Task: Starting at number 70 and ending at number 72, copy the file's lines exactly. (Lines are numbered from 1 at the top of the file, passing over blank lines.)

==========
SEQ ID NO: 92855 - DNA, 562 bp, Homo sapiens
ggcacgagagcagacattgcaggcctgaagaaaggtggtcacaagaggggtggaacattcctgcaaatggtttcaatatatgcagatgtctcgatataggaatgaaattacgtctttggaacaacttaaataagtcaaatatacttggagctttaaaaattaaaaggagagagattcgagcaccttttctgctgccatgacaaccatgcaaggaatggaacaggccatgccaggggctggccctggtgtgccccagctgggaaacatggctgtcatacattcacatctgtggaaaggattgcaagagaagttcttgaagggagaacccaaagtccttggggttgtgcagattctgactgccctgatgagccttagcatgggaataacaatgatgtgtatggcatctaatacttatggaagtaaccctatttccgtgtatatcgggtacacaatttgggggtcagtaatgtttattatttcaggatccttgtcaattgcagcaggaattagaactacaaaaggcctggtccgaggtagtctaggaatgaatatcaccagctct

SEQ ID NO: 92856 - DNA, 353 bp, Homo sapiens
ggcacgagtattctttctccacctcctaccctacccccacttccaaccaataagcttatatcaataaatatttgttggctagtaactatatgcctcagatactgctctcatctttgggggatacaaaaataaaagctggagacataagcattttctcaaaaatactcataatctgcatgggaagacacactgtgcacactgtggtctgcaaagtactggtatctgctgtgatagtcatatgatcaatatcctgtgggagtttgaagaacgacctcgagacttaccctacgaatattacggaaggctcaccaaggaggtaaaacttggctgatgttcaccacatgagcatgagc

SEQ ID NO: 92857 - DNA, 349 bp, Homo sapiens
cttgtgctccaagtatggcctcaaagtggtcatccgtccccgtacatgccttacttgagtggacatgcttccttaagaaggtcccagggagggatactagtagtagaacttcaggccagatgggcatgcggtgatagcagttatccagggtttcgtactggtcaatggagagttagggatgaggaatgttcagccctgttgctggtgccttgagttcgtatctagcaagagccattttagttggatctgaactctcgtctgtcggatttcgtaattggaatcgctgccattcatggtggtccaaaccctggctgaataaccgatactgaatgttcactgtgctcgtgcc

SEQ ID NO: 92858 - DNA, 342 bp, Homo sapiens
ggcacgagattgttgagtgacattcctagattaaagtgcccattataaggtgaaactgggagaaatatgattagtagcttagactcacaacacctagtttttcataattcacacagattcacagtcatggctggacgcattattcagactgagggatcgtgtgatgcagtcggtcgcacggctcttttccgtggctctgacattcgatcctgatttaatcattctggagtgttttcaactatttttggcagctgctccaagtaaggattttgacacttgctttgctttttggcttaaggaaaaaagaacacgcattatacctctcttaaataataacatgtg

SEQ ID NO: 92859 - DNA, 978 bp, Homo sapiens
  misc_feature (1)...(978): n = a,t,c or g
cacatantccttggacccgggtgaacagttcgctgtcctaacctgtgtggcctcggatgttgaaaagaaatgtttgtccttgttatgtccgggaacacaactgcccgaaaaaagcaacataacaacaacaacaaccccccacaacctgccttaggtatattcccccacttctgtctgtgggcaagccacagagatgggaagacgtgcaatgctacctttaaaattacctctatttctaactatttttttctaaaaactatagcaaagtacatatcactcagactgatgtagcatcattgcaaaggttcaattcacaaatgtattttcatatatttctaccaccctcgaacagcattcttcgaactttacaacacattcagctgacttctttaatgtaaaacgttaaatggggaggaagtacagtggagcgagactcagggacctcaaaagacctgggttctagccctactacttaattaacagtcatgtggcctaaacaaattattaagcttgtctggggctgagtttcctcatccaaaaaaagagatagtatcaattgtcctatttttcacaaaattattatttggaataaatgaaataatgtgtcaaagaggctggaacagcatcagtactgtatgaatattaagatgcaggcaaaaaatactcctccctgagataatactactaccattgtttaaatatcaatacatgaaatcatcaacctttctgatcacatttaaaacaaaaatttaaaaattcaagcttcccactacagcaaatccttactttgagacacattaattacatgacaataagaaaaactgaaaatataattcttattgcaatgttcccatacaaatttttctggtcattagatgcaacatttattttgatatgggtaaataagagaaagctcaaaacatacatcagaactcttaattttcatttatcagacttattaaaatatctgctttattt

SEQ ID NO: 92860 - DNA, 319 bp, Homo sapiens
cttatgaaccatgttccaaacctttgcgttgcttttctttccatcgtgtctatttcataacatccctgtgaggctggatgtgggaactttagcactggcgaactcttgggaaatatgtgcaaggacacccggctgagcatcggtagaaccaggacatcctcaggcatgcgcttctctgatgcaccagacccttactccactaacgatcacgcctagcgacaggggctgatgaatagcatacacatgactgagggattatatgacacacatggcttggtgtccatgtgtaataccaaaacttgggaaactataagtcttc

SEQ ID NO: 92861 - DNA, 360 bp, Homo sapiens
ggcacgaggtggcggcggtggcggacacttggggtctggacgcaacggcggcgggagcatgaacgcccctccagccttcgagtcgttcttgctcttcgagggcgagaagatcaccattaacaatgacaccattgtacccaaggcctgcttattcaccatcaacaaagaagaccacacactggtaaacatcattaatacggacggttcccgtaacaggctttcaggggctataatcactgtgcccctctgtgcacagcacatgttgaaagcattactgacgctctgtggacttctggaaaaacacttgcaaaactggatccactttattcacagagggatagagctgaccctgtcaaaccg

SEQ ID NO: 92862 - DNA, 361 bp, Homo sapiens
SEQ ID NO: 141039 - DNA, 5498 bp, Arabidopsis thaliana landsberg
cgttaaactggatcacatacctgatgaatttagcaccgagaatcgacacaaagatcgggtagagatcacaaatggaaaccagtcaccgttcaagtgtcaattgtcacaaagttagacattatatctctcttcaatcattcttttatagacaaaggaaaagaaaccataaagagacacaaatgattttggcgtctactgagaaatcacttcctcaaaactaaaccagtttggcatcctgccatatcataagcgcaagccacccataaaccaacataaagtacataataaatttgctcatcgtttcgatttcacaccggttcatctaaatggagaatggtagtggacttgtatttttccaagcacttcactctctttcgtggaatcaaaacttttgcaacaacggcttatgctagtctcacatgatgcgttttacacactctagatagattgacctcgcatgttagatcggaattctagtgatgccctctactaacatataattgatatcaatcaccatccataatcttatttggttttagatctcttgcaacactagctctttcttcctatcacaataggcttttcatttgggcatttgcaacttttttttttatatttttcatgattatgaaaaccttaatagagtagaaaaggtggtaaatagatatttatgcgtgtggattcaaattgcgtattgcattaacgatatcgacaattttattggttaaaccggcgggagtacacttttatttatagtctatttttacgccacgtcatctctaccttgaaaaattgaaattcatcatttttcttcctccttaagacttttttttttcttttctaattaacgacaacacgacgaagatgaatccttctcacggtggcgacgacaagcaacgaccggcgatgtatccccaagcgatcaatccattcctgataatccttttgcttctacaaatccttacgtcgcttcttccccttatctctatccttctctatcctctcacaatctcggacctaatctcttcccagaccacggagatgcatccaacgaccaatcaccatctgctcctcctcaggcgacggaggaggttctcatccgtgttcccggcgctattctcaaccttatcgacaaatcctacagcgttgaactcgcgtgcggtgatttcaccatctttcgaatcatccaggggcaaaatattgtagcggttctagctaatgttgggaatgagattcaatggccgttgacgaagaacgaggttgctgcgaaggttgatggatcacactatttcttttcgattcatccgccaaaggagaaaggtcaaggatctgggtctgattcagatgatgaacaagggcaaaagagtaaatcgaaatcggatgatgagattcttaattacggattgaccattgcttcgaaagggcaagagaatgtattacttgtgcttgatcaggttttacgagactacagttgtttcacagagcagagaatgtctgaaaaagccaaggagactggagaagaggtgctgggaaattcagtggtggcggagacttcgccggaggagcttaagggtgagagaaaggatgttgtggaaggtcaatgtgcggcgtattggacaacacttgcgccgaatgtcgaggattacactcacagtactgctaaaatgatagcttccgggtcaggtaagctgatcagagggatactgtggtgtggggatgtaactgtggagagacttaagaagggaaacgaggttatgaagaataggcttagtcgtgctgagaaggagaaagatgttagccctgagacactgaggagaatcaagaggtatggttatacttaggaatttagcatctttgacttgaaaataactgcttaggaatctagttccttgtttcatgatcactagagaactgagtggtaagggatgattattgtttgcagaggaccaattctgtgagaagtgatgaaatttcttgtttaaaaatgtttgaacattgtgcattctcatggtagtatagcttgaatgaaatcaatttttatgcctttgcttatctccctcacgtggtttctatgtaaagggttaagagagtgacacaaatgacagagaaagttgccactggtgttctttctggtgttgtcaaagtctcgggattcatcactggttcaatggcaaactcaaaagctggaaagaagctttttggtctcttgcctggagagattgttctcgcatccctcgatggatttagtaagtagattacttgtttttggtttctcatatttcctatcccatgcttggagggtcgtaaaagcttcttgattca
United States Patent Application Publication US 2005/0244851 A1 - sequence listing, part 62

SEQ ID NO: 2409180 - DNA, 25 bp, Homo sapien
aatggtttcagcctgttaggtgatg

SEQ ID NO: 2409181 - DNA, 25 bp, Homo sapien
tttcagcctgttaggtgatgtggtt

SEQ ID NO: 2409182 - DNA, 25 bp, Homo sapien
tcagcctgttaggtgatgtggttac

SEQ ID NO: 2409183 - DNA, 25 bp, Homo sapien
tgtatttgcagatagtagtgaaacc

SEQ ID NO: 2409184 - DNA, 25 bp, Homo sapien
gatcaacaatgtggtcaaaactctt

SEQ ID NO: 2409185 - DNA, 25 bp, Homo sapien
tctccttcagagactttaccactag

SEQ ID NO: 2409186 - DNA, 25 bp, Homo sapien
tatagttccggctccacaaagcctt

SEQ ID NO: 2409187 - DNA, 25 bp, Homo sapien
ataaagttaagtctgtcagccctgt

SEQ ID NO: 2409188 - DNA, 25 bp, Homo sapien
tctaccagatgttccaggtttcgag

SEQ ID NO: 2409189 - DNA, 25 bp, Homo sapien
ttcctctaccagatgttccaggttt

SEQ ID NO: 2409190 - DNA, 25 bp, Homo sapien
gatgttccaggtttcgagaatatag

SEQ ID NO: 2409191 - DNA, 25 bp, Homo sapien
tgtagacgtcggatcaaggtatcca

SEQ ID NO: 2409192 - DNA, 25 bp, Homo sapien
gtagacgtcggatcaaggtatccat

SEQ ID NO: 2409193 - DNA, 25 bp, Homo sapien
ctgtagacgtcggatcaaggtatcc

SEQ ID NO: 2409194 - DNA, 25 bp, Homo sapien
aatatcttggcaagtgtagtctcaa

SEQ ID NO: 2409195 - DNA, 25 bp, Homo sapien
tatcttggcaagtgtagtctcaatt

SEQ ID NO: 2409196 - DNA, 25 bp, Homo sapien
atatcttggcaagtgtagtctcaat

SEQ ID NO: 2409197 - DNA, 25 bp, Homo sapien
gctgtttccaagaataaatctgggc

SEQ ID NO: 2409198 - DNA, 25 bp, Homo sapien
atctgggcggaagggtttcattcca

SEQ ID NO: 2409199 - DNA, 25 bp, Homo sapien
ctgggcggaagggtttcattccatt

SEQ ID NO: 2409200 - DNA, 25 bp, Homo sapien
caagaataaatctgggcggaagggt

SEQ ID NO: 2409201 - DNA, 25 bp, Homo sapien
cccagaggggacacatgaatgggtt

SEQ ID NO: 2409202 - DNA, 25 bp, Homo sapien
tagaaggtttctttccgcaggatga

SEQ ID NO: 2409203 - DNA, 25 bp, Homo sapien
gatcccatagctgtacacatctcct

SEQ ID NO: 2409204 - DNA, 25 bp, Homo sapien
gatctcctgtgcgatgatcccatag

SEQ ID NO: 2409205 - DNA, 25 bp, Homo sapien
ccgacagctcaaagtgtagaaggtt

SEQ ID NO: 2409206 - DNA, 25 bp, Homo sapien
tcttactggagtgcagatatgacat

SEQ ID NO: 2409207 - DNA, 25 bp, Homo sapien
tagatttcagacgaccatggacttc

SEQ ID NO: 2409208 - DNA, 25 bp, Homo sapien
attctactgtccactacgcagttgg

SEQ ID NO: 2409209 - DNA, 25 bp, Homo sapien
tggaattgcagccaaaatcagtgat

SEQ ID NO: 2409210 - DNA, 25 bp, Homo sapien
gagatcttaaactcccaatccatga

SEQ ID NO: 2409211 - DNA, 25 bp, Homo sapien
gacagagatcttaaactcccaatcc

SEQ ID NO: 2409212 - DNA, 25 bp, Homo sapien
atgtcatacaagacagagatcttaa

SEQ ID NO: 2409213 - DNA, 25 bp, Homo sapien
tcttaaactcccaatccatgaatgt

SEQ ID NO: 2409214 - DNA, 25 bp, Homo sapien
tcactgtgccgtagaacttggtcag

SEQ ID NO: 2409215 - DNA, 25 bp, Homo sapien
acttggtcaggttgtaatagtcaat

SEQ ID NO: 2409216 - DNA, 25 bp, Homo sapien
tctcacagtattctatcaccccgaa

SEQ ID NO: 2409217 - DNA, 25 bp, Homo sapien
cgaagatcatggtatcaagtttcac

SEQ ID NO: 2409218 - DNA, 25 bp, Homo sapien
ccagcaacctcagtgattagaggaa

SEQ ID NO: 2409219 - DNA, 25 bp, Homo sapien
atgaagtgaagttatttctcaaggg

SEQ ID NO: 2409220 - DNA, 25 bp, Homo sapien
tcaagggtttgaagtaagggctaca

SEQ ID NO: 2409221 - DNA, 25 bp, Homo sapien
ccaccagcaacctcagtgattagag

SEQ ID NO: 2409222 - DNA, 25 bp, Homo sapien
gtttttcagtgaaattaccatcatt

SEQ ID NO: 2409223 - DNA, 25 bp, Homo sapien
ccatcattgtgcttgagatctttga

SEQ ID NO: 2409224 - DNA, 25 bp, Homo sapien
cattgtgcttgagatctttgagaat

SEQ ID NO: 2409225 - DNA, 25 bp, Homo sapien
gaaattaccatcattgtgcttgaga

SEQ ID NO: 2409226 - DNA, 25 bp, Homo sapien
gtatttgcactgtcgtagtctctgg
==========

SEQ ID NO: 2409205 - DNA, 25 bp, Homo sapien
ccgacagctcaaagtgtagaaggtt

SEQ ID NO: 2409206 - DNA, 25 bp, Homo sapien